Joining the Flock – Birding Adventure in NW Ohio!
By TourismOhio

Joining the Flock – Birding Adventure in NW Ohio!

204477_1933034413693_1477283992_2809399_2811064_oI have lived in Ohio my entire life, but never fully realized the significance of northwest Ohio for birds of the western hemisphere. This week, I participated in my first birding event at Black Swamp Bird Observatory in Oak Harbor. For the next couple weeks, Ohio is in the midst of the peak migration time, which is aptly named “The Biggest Week in American Birding.” – And believe me, it is!

Whether you don’t have the slightest clue about birding or bird watching, you’re a novice, or you’re writing a bird identification field manual – the activity can quickly evolve into a passion. The setup at Magee Marsh is excellent for first timers. Stop by the visitor center to borrow a high-quality pair of binoculars and field manual – both free, just sign them out with your I.D!

Spectators on the boardwalk

Next, you can choose to sign up for one of the guided tours or venture on your own over to the boardwalk, which is the main viewing area. Have no fear about going off alone, because you still won’t be alone – not only are other birders more than willing to lend a hand, guides also roam the boardwalk ready to assist, and in many cases point things out before you ask! All of the guides I met were able to identify the bird simply by hearing their whistle or song.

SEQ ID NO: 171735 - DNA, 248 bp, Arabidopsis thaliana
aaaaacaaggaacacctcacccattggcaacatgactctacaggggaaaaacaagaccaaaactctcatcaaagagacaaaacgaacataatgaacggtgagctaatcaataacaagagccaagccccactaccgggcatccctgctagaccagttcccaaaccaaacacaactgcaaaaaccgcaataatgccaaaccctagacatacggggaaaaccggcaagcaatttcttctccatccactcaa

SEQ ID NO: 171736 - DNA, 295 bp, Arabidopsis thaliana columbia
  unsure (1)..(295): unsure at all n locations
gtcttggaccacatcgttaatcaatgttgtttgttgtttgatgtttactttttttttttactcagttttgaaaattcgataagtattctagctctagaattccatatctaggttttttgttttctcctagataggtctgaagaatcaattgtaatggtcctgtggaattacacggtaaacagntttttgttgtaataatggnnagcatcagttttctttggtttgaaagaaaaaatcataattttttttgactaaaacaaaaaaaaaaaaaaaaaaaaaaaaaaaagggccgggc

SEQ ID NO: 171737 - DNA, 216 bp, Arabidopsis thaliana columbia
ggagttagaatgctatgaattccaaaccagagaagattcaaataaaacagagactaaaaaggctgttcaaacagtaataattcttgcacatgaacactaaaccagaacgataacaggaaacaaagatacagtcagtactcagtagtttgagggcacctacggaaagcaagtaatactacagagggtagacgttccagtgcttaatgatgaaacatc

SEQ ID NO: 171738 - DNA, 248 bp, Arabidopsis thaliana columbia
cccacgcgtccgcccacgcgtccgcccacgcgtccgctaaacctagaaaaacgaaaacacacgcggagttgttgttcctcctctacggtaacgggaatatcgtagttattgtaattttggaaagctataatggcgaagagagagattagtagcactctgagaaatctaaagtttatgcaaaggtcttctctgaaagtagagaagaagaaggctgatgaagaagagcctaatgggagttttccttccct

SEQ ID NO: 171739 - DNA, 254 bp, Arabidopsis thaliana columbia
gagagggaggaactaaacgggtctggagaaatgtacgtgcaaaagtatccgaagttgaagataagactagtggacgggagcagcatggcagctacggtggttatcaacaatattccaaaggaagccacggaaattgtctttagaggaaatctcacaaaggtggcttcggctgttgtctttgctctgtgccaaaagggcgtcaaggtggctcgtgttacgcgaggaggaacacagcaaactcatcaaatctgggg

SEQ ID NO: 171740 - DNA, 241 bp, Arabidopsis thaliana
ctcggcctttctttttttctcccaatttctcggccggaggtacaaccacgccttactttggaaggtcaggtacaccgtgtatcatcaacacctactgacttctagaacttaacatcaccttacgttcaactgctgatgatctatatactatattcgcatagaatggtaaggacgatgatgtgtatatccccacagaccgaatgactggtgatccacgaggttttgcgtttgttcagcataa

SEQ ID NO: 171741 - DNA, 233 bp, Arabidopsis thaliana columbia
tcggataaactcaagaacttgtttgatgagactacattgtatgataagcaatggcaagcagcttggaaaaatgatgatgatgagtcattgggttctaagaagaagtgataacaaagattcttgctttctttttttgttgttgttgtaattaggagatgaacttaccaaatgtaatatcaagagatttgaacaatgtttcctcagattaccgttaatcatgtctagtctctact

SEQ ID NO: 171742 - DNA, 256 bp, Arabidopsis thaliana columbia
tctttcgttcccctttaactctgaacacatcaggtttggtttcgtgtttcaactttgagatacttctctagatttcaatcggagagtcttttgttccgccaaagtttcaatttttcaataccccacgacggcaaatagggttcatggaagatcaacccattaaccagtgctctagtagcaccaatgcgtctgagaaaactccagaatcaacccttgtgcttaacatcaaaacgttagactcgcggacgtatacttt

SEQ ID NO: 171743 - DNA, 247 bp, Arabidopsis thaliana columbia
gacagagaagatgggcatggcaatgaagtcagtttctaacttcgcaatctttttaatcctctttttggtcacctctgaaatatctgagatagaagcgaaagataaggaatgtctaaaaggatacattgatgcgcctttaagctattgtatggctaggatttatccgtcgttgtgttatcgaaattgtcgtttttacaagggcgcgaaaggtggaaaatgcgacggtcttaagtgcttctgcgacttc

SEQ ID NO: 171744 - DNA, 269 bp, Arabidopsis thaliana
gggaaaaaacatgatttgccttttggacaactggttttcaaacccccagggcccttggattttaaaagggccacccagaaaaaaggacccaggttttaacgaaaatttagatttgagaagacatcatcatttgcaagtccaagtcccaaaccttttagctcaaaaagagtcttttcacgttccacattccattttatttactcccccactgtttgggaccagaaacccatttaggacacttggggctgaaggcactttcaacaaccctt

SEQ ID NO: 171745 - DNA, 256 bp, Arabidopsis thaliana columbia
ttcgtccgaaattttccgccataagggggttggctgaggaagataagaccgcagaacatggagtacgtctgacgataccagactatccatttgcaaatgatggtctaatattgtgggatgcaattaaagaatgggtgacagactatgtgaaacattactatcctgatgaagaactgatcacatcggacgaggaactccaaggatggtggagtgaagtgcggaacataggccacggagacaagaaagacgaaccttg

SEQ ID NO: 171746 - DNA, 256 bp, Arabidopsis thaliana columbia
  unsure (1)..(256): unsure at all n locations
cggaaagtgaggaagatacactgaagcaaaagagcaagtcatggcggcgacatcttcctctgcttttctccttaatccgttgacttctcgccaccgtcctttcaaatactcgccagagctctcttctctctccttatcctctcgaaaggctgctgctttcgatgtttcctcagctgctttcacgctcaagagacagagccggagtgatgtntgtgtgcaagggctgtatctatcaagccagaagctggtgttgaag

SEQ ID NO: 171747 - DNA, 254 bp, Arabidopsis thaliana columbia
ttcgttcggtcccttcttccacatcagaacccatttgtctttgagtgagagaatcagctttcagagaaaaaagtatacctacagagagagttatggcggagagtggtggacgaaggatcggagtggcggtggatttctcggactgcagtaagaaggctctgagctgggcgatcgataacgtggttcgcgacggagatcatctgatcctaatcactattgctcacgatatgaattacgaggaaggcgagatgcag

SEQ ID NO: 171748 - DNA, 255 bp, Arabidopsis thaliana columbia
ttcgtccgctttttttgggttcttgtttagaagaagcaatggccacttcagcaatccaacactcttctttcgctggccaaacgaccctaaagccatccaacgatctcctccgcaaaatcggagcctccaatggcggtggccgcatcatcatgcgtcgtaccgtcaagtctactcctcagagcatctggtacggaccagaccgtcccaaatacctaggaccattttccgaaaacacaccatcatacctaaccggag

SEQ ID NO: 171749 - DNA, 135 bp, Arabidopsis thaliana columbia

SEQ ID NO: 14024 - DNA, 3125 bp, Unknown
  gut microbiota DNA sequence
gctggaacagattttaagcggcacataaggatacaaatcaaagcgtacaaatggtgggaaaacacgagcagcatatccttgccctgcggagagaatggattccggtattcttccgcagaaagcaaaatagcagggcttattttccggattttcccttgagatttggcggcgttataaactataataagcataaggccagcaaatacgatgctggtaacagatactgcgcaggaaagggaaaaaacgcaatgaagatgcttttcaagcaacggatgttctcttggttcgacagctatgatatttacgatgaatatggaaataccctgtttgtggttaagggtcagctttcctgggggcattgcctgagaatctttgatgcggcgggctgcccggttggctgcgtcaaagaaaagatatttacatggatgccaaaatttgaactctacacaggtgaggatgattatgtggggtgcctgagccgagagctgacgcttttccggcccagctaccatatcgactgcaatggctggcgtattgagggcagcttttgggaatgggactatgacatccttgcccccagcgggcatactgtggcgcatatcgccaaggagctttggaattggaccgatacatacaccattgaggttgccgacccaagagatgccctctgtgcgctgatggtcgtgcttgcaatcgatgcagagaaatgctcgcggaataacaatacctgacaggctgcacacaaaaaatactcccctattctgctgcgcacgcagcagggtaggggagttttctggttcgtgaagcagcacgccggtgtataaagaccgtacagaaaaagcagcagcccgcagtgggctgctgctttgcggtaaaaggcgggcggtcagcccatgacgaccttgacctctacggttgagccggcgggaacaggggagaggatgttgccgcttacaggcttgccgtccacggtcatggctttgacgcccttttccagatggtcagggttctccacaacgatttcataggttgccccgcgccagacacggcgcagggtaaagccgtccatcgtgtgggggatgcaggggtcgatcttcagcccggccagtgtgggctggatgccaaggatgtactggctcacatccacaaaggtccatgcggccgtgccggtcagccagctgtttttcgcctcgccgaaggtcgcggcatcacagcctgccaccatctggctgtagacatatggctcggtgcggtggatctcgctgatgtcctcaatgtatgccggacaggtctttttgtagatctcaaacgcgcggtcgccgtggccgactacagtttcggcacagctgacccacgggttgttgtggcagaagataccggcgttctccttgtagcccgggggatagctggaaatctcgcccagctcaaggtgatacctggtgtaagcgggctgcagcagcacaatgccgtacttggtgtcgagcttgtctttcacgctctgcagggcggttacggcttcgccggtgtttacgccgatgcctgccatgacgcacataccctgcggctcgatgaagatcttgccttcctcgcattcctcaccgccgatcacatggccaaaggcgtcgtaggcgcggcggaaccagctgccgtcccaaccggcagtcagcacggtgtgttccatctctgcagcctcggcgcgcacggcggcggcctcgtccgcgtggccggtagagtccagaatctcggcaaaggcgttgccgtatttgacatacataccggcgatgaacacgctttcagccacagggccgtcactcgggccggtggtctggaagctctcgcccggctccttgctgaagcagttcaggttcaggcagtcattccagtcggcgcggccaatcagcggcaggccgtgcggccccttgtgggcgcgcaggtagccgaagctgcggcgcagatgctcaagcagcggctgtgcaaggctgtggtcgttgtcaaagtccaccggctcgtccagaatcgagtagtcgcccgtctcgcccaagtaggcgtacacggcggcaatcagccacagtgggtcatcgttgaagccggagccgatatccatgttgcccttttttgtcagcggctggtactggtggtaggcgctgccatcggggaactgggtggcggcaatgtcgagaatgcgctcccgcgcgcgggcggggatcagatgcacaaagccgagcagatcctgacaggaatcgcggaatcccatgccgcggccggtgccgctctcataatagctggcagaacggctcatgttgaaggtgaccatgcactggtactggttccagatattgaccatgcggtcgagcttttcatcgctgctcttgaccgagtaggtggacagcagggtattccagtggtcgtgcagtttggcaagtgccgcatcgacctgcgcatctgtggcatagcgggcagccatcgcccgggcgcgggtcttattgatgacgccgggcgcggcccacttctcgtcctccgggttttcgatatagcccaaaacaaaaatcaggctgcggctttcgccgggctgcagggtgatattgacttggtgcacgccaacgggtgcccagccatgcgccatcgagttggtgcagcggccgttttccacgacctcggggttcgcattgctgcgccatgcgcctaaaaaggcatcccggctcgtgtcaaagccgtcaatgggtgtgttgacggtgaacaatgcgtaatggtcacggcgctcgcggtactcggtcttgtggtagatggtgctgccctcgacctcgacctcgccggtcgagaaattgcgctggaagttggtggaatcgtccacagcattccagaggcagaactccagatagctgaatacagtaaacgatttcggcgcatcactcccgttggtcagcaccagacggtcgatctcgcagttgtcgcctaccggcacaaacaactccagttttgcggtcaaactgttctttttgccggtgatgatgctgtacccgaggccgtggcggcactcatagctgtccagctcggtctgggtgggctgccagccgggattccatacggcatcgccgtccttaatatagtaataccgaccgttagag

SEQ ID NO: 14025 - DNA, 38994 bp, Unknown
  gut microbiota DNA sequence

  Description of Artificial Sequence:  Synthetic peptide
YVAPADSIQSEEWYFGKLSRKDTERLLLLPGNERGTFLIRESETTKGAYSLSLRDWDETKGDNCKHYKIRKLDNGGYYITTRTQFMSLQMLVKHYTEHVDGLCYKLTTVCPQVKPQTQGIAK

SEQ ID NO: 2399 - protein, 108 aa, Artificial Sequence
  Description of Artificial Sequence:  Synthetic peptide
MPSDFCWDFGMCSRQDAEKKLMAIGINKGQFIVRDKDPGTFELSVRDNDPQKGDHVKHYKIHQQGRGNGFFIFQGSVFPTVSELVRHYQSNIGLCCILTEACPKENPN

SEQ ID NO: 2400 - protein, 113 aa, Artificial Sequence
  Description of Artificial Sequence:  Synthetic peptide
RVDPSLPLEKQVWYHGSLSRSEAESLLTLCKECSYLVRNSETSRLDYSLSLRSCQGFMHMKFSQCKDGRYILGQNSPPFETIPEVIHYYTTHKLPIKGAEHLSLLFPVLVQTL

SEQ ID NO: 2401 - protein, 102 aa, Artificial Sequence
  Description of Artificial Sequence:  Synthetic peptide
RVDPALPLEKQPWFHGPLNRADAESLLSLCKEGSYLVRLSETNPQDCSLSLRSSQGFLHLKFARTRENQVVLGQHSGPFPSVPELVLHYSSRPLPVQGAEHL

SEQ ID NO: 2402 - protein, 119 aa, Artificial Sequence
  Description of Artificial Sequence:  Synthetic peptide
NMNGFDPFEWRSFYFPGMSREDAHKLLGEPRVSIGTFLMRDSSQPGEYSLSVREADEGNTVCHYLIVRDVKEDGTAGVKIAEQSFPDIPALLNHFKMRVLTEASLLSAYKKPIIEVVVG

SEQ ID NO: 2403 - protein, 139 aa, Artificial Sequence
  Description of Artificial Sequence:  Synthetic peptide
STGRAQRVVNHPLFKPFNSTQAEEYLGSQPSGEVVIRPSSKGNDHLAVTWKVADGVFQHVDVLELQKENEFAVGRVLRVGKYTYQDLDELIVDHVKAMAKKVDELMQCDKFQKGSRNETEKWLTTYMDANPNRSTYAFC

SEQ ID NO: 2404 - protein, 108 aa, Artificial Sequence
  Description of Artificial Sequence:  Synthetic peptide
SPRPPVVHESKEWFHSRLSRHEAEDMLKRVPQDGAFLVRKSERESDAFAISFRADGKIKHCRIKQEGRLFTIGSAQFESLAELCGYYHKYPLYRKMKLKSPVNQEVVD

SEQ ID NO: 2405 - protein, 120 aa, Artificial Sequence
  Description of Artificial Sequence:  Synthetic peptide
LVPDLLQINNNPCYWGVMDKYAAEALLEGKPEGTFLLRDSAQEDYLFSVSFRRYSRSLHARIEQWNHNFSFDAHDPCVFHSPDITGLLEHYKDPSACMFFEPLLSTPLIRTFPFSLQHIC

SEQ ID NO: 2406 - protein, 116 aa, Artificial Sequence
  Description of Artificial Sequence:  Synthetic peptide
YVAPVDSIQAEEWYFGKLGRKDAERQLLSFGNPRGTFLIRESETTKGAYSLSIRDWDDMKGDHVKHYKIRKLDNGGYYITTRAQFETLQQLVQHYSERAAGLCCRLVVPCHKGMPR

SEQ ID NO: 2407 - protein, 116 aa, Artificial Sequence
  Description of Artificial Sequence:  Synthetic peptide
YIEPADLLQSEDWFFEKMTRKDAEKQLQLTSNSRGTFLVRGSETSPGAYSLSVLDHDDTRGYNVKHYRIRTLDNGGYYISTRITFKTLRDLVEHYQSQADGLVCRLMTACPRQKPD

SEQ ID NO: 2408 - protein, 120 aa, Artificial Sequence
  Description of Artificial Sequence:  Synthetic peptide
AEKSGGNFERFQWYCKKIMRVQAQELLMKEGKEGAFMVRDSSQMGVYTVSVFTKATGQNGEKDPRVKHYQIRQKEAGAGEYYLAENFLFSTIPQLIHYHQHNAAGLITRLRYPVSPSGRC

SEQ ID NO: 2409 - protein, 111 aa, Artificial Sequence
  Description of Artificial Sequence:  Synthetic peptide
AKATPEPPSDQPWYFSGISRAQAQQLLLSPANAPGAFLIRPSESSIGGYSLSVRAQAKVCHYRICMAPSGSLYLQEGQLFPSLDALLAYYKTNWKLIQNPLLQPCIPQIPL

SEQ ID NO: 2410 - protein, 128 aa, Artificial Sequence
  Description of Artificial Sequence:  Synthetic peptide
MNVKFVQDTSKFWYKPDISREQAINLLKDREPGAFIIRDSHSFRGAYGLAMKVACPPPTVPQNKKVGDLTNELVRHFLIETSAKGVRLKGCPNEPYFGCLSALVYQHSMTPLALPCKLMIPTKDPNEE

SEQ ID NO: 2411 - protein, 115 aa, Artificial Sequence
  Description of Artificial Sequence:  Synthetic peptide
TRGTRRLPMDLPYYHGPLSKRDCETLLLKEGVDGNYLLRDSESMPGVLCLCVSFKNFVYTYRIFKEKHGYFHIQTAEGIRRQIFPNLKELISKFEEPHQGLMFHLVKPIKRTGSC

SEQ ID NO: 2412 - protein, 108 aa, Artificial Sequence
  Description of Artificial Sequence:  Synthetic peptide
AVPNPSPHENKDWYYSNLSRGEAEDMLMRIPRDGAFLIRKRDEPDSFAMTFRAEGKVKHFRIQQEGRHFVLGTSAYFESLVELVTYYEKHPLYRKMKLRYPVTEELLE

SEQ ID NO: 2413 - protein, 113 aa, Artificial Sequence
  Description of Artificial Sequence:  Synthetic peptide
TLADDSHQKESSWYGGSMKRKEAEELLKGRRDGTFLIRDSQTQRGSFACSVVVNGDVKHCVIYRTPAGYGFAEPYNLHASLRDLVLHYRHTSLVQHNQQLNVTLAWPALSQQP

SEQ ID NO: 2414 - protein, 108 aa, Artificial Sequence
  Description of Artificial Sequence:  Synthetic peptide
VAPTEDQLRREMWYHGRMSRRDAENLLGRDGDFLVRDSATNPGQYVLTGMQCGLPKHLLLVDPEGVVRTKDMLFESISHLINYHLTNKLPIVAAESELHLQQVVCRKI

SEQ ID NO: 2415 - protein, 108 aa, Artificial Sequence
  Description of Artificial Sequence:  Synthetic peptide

The variety of birds is simply astonishing. Seemingly anywhere you look you can find a bird whistling away. To put the variety of birds into perspective, the wooden boardwalk is nearly a mile long, but between the density of people in the five-foot-wide walkway and the variety of birds to see without taking a step, I made it about 20 feet in just over an hour!

Woodpecker1

One of Ohio’s signature traits is also what makes the state the best place to see the birds, according to Sam Woods, one of the guides who follows the birds along their migration from their starting point in South America! Woods said the low-hanging trees give spectators some of the closest views – as low as eye level – in the world.

The popularity of the event is remarkable. As I drove into the visitor center, I took a quick stroll on the (nearly full) parking lot. There were license plates from Maryland, Michigan, Illinois, Florida, North Carolina, New York, Texas and even Alaska!

A few miles from the Black Swamp Bird Observatory is Eagle’s Nest Sweet Retreat pizza shop and restaurant. They have some of the most unique pizzas I have ever tasted. My two favorites were the breakfast pizza (which featured a smattering of eggs, sausage and bacon) and the desert pizza (which included sweet apples on top of a crust that tasted like a cinnamon roll!) If you’re in the area, make sure you stop by for a bite to eat!

Desert Pizza
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